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Russian Firm Develops Project of Reusable Spacecraft for Lunar Missions
by Staff Writers
Moscow (Sputnik) May 30, 2016

File image.

Russia's state company Energia has developed a project of reusable manned Ryvok spacecraft for delivery of cargo and cosmonauts to the Moon, the company's representative Yuri Makushenko said Wednesday.

Energia was planning to start the construction of next-generation Federatsia (Federation) spacecraft this year. The spacecraft is considered capable to perform missions in the Moon.

"Costs of the mission of reusable manned Ryvok spacecraft are by one third lower than the costs of the Federatsia spacecraft's mission," Makushenko said while presenting the project at the Human Space Exploration international conference at Korolyov, Russia.

According to the project, Ryvok should be stationed at the International Space Station (ISS). It would run between the ISS and the international lunar orbital platform to deliver cargos and cosmonauts who would arrive to the ISS with Soyuz spacecraft.

Earlier, Makushenko noted that Energia and US agency NASA were in talks to build a space station that could orbit the Moon by the end of the next decade.

Vostochny After First Launch: Gearing Up for Missions to Moon, Mars
Following the first launch of a Soyuz spacecraft with three satellites on board, Russia's all-new Vostochny spaceport in the Far East will stay idle for a year pending the completion of the second stage of construction, wrote.

Despite the successful launch on Thursday a great deal of work is yet to be done to make Vostochny suitable to launch manned missions to space.

Including the construction of a nearby town of Tsiolkovsky to accommodate the cosmodrome personnel and those working at related facilities.

This means that while pitching the new spaceport to potential clients, Russia will still be paying Kazakhstan for the use of the veteran Baikonur space launch center.

The first manned flight from Vostochny is slated for 2023, when the Federatsiya space shuttle is placed in orbit by an Angara-A5V heavy-lift rocket, which is at the heart of Russia's lunar program.

A second launch of a Soyuz-2.1a carrier will orbit a pair of Kanopus-V designed for real-time monitoring of natural and man-made disasters and other emergency situations. At least five launches are expected to take place in 2018 from Vostochny, and this number will eventually be brought up to eight.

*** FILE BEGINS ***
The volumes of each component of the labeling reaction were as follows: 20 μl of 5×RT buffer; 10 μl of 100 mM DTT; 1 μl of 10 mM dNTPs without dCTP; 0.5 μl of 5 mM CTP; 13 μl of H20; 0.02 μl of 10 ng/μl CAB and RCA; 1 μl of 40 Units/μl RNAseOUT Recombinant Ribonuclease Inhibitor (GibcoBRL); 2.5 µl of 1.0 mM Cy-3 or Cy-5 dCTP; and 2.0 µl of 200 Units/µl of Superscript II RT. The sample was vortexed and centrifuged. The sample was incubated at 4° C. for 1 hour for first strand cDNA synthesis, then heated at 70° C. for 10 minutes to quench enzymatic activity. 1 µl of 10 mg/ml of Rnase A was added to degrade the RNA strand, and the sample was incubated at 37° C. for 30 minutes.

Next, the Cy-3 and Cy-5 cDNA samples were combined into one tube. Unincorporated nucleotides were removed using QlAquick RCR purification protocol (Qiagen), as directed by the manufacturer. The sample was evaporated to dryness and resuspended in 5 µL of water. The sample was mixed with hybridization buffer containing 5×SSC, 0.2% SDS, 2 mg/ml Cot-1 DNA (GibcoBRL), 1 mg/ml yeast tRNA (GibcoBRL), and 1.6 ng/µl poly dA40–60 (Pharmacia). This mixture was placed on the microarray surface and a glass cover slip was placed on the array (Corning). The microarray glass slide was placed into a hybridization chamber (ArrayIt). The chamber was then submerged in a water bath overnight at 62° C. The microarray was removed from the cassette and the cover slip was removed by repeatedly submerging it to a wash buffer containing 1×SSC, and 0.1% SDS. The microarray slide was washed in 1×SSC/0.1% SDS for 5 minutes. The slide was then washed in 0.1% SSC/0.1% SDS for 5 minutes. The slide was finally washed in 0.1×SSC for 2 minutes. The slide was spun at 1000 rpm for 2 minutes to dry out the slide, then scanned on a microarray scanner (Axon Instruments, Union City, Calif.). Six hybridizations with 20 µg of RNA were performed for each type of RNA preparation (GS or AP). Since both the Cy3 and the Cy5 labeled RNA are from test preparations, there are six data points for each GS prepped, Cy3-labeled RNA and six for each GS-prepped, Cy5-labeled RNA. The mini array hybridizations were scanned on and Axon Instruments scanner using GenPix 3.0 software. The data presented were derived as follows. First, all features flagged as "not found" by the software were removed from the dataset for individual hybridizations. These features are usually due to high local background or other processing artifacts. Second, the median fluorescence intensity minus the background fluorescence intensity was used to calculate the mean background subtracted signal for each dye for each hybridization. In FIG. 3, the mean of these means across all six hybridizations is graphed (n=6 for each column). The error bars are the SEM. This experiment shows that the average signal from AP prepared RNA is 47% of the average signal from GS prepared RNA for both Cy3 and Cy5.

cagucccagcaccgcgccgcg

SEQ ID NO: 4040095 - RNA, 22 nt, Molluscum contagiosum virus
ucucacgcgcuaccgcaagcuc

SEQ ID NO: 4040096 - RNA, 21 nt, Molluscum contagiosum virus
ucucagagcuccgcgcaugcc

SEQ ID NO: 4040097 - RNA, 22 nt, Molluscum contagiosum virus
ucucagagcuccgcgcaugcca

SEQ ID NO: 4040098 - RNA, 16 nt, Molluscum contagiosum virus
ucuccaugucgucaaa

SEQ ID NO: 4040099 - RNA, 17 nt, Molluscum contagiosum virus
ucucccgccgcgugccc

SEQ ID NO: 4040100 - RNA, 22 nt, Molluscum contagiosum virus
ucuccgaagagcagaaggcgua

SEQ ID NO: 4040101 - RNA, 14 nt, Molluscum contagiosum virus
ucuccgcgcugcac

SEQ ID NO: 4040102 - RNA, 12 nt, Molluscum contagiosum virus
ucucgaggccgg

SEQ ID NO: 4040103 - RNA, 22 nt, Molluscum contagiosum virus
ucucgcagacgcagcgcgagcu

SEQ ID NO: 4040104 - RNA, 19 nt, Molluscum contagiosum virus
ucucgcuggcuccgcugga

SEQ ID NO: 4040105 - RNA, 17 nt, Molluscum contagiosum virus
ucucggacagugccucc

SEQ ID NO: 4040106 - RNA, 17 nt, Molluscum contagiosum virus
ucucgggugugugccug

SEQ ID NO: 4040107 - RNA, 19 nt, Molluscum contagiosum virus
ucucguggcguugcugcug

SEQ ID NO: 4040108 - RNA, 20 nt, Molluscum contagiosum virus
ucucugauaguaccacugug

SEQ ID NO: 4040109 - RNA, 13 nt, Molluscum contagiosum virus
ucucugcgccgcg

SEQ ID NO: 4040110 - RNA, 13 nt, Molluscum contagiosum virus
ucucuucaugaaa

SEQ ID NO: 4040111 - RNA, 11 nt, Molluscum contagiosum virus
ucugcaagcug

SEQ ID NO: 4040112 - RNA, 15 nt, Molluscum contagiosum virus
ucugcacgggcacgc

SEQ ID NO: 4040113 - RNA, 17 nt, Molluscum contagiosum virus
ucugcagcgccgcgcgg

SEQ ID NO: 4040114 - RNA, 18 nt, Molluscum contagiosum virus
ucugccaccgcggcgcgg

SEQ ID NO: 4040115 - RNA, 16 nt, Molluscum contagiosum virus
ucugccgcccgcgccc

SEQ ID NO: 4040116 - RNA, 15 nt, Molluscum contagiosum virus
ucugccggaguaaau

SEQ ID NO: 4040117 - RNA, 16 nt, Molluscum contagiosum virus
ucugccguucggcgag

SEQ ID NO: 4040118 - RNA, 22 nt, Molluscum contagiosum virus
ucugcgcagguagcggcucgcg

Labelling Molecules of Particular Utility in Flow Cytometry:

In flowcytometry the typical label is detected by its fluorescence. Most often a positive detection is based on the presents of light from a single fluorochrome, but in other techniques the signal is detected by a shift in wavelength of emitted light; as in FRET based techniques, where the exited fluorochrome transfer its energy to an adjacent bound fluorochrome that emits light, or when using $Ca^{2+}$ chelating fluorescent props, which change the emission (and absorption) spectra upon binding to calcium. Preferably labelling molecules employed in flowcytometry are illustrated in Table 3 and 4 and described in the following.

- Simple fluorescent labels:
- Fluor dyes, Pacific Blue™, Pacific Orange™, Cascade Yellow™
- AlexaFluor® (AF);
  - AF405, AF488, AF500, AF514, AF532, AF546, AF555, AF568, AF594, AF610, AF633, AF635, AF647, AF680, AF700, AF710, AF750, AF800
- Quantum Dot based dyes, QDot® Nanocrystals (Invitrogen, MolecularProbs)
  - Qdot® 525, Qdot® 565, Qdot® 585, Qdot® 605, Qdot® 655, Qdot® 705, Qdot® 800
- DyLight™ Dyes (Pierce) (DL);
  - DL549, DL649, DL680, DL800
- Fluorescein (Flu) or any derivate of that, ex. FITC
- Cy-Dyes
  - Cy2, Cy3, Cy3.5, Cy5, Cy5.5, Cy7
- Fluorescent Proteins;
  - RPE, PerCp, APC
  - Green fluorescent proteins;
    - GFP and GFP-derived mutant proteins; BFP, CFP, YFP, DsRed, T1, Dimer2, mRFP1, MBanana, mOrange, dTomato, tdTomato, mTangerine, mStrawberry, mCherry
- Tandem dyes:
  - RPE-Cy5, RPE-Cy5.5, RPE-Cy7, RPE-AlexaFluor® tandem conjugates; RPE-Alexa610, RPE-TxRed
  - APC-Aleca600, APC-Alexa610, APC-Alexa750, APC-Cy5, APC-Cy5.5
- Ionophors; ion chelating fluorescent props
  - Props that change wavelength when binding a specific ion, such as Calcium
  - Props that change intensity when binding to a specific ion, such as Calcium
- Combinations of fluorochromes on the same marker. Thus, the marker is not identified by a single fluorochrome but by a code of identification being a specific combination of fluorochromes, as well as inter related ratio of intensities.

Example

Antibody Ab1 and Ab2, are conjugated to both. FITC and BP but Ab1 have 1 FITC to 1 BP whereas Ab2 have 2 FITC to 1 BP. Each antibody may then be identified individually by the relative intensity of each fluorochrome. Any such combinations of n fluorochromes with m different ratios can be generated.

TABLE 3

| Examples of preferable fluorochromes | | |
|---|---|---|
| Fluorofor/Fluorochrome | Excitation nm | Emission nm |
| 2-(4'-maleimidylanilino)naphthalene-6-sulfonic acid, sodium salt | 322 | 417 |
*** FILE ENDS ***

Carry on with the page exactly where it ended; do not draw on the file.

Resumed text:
Besides Vostochny, Russia is also home to the Plesetsk cosmodrome in the far north, which is used for satellite launches and missile testing.

Several years from now Vostochny will be able to launch all types of Angara and Soyuz spacecraft while Plesetsk will deal exclusively with military launches.

Topping the list of Vostochny's main rivals abroad are the Vandenberg airbase in California and Kennedy Space Center in Florida. Both of them lie closer to the equator and handle most of America's civilian and military space launches, including by SpaceX' Falcon 9 rockets.

The Guiana Space Center, a French and European spaceport near Kourou in French Guiana, operational since 1968, is particularly suitable as a location for a spaceport as it lies just 500 kilometers north of the equator and has open sea to the east, so that lower stages of rockets and debris from launch failures cannot fall on human habitation.

Arianaspace commercial company conducts launches from Kourou using Ariane-5 heavy-lift rocket, Russian Soyuz medium-size carries and Italian Vega-class small booster rockets.

India and Japan have two spaceports each and China has four. Even though all of them are way closer to the equator than Vostochny, the carrier rockets now used by these three countries are no match for Russia's. The Indian ones lack the heavy-lift capability of the Soyuz and Angara rockets,

The Japanese launches are too expensive and the EU and the US have rolled back their space cooperation with China.

Meanwhile, NASA plans to unfreeze its cooperation with Beijing and Japan - to make its launches cheaper ghy by 2020 and gain up to 10 percent of the commercial launch market.

India's launches remain the cheapest and their spaceports are the closest to the equator.

Source: Sputnik News

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